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Building Operating Management

7x24 Exchange Explores Data Center Trends





By Casey Laughman, Managing Editor   Data Centers

OTHER PARTS OF THIS ARTICLEPt. 1: Modular Data Centers Offer Flexibility, SavingsPt. 2: How Modularity Works in Data Center DesignPt. 3: Is A Modular Data Center Design The Right Choice?Pt. 4: This Page

It's not very often that you can get Microsoft, AOL and Google to all agree on something. One thing they do have in common, though, is membership in the 7x24 Exchange.

The 7x24 Exchange is a non-profit organization that aims to help companies learn from and share ideas with each other on how best to design, build, operate and maintain mission critical infrastructures.

The Exchange holds two conferences each year, in the spring and fall, as well as publishing a twice-yearly magazine. While each conference has a theme — the Spring 2012 conference's is "Thought Leadership" — the presentations retain a technical focus, says Bob Cassiliano, chairman of the board.

"Sessions on data center construction, co-location facilities and industry trends are presented by experts in the field," Cassiliano says. "There have been presentations by Sun on containerization, Yahoo on their 'chicken coop' design and most recently a talk on eco-DC at Deutsche Bank."

As for the types of things 7x24 Exchange members will be dealing with, Cassiliano says that one area where there has been a big shift is in the rise of co-location, as co-location sites have improved security and resiliency while allowing for no upfront capital outlay.

"As an example of a change in mindset, financial services companies would never have shared space with a competitor in the same data center or had a production application run at a co-location site. They do now," he says.

But for companies that build their own data centers, the trend is to evaluate not just location, but what's actually being run on the servers.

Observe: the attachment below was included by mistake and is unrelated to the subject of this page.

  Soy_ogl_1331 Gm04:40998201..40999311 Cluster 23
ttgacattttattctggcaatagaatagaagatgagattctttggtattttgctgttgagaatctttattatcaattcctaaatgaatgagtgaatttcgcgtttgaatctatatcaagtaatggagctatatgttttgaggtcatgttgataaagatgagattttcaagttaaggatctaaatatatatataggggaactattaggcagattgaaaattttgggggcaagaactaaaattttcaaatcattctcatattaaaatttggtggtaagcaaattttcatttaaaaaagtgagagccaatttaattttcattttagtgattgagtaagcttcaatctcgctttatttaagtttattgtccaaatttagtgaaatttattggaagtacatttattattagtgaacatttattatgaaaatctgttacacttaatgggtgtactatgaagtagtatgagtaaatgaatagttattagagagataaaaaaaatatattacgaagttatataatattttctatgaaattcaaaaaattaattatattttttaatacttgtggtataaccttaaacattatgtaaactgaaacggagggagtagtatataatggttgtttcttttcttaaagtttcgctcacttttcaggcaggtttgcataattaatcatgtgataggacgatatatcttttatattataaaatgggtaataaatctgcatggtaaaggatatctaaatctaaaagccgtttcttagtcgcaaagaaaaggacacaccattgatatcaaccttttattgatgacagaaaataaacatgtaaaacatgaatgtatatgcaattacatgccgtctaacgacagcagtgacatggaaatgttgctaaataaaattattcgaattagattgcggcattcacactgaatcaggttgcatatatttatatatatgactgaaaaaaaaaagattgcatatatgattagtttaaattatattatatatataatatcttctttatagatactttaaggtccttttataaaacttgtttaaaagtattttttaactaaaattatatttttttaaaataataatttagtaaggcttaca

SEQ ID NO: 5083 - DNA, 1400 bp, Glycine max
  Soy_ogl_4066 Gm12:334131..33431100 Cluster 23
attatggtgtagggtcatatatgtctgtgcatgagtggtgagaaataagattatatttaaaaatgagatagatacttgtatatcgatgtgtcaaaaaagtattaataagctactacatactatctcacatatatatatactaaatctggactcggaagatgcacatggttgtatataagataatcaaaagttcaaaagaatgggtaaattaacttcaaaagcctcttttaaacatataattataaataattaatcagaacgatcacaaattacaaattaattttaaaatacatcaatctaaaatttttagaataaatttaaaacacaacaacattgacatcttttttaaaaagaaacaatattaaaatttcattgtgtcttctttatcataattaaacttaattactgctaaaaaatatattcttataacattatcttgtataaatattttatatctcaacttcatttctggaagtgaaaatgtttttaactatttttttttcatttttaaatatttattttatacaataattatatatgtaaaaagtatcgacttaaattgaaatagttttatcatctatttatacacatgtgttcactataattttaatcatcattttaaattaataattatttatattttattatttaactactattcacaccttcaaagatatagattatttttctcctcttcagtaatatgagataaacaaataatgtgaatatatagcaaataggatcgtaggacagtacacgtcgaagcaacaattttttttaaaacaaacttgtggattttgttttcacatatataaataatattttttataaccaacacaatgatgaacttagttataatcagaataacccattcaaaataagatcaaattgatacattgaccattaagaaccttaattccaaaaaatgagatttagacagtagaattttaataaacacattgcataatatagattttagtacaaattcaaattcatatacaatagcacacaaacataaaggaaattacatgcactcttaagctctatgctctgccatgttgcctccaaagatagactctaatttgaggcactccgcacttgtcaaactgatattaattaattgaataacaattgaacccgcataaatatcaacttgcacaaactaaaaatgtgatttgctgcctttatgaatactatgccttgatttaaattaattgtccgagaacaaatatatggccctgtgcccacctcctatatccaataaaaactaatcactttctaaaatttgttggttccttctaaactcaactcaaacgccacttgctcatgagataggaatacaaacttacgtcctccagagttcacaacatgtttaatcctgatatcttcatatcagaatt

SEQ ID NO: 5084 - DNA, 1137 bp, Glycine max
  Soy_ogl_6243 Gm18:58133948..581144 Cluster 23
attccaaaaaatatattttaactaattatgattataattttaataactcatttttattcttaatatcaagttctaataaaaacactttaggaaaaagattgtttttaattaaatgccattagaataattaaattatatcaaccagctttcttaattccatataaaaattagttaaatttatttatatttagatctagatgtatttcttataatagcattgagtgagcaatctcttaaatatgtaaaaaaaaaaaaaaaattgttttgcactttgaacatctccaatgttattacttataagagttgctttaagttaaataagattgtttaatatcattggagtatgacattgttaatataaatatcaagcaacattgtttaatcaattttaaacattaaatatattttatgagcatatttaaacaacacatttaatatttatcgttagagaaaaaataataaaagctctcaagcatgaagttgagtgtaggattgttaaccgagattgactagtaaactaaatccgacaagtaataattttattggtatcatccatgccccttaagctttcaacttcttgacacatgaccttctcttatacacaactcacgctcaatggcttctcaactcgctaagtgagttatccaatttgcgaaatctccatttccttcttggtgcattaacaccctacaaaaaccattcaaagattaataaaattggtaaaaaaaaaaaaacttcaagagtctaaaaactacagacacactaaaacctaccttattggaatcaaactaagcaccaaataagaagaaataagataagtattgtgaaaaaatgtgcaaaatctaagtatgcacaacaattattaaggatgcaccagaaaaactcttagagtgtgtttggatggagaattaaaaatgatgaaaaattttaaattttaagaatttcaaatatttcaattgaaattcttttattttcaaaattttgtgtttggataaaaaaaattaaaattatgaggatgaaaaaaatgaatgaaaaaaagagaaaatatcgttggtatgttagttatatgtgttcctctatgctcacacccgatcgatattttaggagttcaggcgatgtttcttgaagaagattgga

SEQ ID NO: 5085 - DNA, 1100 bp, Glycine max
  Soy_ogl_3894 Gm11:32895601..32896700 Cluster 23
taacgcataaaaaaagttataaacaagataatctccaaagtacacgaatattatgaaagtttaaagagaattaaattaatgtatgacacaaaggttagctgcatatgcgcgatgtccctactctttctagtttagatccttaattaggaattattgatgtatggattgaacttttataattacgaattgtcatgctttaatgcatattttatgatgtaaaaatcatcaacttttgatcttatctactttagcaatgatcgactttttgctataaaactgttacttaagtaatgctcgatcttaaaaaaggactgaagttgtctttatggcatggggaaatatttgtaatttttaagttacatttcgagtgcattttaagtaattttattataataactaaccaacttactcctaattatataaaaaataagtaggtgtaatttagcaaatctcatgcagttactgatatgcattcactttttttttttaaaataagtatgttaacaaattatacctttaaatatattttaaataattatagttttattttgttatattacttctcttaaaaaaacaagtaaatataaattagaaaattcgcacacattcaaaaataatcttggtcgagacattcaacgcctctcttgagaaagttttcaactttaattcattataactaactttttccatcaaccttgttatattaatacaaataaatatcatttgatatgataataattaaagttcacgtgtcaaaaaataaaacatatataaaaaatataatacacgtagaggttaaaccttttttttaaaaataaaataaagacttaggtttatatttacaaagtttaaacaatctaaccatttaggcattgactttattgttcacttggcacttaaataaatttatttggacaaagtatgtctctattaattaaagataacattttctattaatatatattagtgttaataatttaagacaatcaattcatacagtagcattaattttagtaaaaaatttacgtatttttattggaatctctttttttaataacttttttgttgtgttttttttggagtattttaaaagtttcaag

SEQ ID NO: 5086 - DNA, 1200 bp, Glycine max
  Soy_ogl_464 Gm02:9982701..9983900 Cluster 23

"Companies building their own data centers are looking at locations that provide for low-cost energy and climates that allow for optimum leverage of free cooling," Cassiliano says. "Additionally they are taking a closer look at classifying applications and running the critical apps at a Tier 3 or 4 facility and less critical apps at a Tier 1 or 2 facility, thereby making efficient use of capital."

— Casey Laughman, managing editor

Questions to Ask

Kevin McCarthy, associate vice president of AECOM, offers nine crucial questions facility managers ask when evaluating the use of modularity in their data centers.

1. Is the design approach for this project expected to allow for a modular deployment of equipment over time?

2. Do the design and construction teams understand our modular goals; do they understand how to design and build this type of facility?

3. What Tier level is the facility expected to achieve?

4. What is the expected size of the module (i.e., space, number of racks, power load)?

5. What equipment vendors best meet our modular needs?

6. Can the capital budget be spread out over a number of years?

7. What type of innovative approaches are we willing to accept? How can we prove these approaches are reliable?

8. What is the expected PUE for the project? How do we meet this goal in a modular design?

9. What do we want to accomplish with modularity: Containers for speed, modular HVAC and electrical for expandability, modular IT deployment for cost savings or modular rack configurations for PUE management?

"Each goal or combination of goals may yield a different design approach," says McCarthy.

— Rita Tatum

 

Tier Requierements Summary

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  posted on 1/16/2012   Article Use Policy

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